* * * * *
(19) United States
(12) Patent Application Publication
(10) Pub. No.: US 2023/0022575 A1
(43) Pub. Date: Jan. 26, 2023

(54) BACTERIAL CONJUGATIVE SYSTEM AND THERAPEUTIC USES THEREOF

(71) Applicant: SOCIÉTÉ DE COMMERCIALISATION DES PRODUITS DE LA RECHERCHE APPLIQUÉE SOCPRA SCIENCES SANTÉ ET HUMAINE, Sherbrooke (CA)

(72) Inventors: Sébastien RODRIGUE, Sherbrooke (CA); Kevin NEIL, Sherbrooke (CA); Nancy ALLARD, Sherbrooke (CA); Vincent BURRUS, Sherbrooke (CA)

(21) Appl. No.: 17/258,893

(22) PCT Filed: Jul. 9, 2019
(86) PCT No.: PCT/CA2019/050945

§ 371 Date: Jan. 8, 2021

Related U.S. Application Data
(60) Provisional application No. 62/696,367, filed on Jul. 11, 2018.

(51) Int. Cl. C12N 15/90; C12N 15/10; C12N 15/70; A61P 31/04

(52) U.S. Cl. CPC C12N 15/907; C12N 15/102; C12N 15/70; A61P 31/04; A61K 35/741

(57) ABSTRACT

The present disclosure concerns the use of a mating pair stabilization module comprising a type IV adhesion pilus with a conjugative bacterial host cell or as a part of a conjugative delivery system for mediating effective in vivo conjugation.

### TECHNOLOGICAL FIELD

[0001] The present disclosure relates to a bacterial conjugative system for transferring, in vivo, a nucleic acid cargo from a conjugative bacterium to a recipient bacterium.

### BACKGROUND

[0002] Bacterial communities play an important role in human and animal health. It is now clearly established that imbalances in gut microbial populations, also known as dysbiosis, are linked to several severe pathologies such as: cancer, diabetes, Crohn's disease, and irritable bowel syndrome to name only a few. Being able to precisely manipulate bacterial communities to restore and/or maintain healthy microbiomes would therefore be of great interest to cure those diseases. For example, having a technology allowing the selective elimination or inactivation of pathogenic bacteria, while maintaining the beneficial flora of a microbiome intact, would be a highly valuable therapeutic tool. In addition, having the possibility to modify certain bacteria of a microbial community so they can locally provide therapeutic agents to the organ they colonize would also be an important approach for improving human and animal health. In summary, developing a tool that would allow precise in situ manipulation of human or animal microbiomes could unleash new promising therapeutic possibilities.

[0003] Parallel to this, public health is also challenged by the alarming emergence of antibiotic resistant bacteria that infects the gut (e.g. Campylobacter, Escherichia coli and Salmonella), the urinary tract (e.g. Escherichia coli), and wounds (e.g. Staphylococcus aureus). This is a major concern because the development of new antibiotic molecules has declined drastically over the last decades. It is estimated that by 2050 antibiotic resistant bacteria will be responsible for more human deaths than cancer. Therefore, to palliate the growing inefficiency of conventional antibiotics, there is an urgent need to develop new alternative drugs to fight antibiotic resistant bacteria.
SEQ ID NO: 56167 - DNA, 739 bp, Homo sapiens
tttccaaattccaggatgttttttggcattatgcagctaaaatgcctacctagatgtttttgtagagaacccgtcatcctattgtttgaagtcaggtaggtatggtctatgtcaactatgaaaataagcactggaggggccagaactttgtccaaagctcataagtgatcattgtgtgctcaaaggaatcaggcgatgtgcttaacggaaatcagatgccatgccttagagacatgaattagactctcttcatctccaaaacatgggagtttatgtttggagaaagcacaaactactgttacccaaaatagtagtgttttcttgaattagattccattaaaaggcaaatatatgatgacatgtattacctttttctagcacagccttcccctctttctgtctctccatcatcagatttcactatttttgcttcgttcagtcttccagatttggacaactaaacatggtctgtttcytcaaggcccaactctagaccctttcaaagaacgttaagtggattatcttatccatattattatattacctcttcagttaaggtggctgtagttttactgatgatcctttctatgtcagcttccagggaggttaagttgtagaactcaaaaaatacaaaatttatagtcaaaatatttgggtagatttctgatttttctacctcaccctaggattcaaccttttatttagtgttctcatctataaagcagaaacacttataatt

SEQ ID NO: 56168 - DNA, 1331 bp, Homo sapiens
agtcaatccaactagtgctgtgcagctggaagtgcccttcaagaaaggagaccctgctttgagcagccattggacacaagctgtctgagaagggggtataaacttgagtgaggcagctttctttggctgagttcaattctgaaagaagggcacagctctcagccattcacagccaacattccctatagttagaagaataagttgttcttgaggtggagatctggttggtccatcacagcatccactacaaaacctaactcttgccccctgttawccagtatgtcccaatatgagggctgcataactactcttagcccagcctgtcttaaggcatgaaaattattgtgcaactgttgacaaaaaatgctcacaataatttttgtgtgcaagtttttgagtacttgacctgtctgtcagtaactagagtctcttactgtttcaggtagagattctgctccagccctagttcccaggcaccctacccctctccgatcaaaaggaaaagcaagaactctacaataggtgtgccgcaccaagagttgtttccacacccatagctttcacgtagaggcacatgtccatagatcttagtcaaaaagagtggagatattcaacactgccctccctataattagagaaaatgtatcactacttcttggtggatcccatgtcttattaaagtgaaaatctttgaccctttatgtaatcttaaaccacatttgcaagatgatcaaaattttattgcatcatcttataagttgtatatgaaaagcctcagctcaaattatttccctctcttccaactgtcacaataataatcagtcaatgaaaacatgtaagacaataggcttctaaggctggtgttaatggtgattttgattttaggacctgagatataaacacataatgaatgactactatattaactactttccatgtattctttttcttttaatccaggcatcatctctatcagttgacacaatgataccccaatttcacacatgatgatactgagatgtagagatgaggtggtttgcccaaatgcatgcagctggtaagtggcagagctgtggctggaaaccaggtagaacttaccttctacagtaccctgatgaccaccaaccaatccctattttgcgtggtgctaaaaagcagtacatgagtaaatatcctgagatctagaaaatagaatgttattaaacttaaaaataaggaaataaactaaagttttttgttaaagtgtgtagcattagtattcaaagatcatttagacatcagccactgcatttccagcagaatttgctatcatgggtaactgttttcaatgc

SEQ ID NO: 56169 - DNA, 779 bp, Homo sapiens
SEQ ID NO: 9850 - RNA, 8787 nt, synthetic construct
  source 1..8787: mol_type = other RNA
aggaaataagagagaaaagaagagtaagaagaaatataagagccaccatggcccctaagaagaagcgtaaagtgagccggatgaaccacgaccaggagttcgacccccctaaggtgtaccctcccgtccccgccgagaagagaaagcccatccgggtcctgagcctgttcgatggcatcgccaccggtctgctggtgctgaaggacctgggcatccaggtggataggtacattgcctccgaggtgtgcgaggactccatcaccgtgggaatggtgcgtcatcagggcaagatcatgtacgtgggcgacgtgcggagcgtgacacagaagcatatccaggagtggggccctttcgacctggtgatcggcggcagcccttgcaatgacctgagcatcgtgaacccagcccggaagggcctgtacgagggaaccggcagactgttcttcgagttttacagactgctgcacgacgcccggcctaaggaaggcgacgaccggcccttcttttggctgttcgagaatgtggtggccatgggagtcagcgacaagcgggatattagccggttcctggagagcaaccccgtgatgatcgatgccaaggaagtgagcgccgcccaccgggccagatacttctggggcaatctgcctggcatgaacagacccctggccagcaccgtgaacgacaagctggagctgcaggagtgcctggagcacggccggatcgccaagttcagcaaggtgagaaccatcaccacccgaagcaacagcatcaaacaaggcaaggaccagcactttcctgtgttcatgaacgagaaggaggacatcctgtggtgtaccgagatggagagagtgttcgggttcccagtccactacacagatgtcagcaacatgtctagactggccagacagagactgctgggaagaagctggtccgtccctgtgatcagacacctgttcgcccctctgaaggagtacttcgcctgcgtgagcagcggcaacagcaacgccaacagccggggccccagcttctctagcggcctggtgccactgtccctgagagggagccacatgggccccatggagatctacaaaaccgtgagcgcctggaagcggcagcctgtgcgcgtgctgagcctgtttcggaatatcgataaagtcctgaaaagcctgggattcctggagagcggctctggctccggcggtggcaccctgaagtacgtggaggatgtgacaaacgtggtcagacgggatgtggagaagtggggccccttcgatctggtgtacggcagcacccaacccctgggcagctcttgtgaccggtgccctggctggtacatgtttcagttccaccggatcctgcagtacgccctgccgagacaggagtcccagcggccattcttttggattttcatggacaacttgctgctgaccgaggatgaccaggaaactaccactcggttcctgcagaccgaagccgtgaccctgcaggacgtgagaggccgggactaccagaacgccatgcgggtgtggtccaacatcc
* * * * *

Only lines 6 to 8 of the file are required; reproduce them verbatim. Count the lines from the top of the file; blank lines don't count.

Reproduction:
(71) Applicant: SOCIÉTÉ DE COMMERCIALISATION DES PRODUITS DE LA RECHERCHE APPLIQUÉE SOCPRA SCIENCES SANTÉ ET HUMAINE, Sherbrooke (CA)

(72) Inventors: Sébastien RODRIGUE, Sherbrooke (CA); Kevin NEIL, Sherbrooke (CA); Nancy ALLARD, Sherbrooke (CA); Vincent BURRUS, Sherbrooke (CA)

(21) Appl. No.: 17/258,893